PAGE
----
Little Sister’s Bookstore @ BCLA

Thanks to Janine Fuller for agreeing to speak, to Shannon LaBelle for convening this session at the BCLA conference, and to Ashley Dunne for the following session writeup.

Little Sister’s Bookstore: Fighting Censorship in Canada for Over 20 Years

Report by Ashley Dunne, SLAIS student

Little Sister’s Book and Art Emporium is celebrating their 25th anniversary. They have been fighting Canada Customs for nearly just as long. This is because most of their books have gay, lesbian, bisexual, or transgender themes, which Canada Customs often deems “obscene.”

The store’s manager, Janine Fuller, came to the BCLA Conference to speak about how the discriminatory practices of Canada Customs affected Little Sister’s, and the country as a whole.

Since 1985, court battles against Canada Customs have cost Little Sister’s well over a million dollars. Their shipments have been seized, their merchandise incinerated, and their spirits crushed.

One effort to raise funds for the trials resulted in a book called Forbidden Passages. They wanted to have the book distributed from a Canadian distributor (so it would not be seized), but some major distributors refused to touch it for fear of being associated with Little Sister’s and having their other books flagged at the border.

Fuller described how the Canada Customs seizures had a huge impact on censorship in Canada, beyond the direct impact they had on Little Sister’s. Other bookstores stopped carrying Jane Rule and Armistead Maupin because they were afraid that their stores would start to be targeted by Canada Customs.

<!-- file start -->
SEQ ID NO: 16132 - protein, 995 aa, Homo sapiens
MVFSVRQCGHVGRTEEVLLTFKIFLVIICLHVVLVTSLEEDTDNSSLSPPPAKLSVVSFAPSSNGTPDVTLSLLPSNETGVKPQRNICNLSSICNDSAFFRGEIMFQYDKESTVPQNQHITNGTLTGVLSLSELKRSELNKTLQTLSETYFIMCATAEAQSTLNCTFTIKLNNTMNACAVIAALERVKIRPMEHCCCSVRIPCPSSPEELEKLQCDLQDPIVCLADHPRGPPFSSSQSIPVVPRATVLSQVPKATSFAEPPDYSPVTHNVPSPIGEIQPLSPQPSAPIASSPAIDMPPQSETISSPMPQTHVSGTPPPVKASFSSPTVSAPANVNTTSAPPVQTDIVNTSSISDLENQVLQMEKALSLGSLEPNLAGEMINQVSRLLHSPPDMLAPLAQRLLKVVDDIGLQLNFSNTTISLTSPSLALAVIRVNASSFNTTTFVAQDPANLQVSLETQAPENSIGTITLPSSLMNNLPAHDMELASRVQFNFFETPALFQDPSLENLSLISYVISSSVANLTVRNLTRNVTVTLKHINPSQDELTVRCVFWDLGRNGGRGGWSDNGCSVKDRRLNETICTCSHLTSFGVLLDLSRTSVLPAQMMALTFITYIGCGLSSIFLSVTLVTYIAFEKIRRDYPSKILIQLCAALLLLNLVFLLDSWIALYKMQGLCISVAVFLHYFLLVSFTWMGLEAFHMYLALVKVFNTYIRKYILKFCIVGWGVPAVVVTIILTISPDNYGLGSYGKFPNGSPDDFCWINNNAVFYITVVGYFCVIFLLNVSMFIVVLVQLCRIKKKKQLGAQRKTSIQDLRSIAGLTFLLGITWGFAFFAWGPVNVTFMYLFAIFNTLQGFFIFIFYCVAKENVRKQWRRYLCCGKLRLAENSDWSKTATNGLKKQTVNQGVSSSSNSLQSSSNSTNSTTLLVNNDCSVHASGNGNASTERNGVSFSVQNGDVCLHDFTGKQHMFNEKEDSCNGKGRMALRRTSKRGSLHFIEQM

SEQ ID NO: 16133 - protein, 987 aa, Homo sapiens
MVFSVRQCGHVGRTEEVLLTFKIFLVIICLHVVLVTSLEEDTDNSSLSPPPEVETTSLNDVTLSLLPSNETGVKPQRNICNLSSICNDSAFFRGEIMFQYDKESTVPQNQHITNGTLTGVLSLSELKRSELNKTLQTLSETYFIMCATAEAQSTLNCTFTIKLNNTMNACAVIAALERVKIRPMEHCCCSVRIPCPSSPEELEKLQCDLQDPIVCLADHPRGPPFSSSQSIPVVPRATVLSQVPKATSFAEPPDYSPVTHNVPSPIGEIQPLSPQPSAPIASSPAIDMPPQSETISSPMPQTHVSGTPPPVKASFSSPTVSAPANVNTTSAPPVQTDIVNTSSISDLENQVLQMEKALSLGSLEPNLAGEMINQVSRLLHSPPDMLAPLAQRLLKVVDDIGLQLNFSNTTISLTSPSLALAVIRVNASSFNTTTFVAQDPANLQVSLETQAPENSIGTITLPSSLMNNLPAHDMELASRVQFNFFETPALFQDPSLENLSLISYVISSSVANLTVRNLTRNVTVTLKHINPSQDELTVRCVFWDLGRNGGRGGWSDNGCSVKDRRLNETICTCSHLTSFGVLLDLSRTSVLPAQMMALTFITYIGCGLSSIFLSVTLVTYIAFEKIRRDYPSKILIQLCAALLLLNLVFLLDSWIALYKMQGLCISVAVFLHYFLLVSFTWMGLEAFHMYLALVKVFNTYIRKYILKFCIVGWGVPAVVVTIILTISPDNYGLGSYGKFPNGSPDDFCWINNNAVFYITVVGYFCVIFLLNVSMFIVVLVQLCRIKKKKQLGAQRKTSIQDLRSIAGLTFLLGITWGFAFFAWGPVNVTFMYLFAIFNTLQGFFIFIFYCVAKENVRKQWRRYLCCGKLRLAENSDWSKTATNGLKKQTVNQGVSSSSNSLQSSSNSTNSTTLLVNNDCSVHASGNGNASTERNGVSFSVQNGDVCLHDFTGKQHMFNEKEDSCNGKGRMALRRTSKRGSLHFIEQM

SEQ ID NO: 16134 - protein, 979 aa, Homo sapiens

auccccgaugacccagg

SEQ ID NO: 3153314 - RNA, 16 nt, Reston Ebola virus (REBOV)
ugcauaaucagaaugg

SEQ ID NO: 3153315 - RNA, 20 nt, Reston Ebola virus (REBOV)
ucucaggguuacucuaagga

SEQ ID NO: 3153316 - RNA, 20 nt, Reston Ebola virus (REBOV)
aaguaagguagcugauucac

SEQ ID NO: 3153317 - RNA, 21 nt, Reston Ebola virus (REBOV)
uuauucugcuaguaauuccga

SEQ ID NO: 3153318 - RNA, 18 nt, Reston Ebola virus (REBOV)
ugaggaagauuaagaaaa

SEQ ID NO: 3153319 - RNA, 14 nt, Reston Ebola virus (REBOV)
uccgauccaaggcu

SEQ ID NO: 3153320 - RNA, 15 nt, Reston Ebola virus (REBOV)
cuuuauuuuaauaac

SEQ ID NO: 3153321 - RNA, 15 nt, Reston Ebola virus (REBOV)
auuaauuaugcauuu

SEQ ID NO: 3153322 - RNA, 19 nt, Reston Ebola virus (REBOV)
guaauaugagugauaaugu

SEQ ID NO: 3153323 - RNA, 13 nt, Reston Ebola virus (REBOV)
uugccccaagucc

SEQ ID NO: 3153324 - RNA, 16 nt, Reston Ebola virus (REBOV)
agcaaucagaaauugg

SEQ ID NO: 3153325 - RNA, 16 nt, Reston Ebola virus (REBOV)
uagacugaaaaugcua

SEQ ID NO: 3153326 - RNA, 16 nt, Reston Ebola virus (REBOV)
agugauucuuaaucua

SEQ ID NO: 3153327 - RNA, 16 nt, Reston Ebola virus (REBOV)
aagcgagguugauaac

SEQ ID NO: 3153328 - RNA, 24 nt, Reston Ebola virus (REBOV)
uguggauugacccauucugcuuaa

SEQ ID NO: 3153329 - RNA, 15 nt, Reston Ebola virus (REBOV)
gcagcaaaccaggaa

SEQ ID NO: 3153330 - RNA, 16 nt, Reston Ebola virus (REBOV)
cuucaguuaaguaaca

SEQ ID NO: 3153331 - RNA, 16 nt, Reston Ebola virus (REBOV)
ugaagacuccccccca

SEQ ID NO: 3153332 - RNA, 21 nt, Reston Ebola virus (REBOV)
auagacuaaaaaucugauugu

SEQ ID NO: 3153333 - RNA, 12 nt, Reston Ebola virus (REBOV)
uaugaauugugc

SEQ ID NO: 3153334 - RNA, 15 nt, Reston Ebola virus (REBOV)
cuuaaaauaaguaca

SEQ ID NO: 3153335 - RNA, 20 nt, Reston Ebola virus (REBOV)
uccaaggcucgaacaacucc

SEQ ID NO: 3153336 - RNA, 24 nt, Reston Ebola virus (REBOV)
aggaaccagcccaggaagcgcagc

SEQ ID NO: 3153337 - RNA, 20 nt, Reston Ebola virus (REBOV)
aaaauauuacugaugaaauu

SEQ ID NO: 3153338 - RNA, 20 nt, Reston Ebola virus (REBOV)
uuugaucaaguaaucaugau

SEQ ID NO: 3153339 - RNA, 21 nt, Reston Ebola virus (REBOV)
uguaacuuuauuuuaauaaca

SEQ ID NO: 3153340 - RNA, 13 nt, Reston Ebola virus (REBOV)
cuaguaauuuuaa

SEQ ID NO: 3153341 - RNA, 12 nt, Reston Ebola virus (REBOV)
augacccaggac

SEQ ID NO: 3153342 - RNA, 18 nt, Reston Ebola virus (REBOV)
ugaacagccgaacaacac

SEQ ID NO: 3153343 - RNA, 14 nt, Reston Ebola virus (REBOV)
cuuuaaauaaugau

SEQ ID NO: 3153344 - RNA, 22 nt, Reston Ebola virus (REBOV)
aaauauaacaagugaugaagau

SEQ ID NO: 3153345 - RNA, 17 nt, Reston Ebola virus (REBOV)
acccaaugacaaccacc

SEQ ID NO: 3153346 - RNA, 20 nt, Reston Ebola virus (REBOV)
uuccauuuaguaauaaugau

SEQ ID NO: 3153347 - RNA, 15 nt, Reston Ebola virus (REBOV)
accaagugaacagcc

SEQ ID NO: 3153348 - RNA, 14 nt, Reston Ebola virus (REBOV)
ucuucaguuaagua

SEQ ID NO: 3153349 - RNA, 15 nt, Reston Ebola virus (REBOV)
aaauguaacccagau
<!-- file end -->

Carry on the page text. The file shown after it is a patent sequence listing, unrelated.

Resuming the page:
Even though Jane Rule earned a Governor General Award for The Young In One Another’s Arms in 1976, Canada Customs felt the book was too indecent to allow into the country. Another Jane Rule book, Contract With the World, was seized because the Customs officer thought it was “too political.”

Other materials that were seized in the 1980s included Gay Ideas, an academic book, along with other important information resources on AIDS and safer sex.

Strangely enough, these books were allowed into Canada when their destinations were the Vancouver Public Library and Duthie Books. During the trial, John Sheer, head of the regional office for the Customs post that seized the books, admitted that there was a memo for a “lookout” for Little Sister’s shipments. Customs had previously denied that they had been targeting the bookstore specifically.

Little Sister’s has appeared in the Supreme Court twice-once for their lawsuit against Canada Customs, and once for a plea to get advanced funding for another lawsuit against Customs-and have lost both times. Customs stopped seizing books when they were in court, but they continue to operate as a subjective guardian of Canadian morality.

Canada Customs can’t control the Internet, though. Fuller questions Customs’ insistence on seizing books and burning magazines when so much “indecent material” can be found online. Their attempts at censoring material for our own good is really only affecting the book industry. Even then, it just affects some types of books for some types of book providers.

BCLA’s Intellectual Freedom Committee sponsored the Little Sister’s conference session to inform delegates about the bookstore’s important battles against government censorship. While the Little Sister’s case involved a bookstore and not a library, Fuller reminded those in attendance that Canadians, and particularly librarians, need to be vigilant against all attempts to limit our freedom to read.

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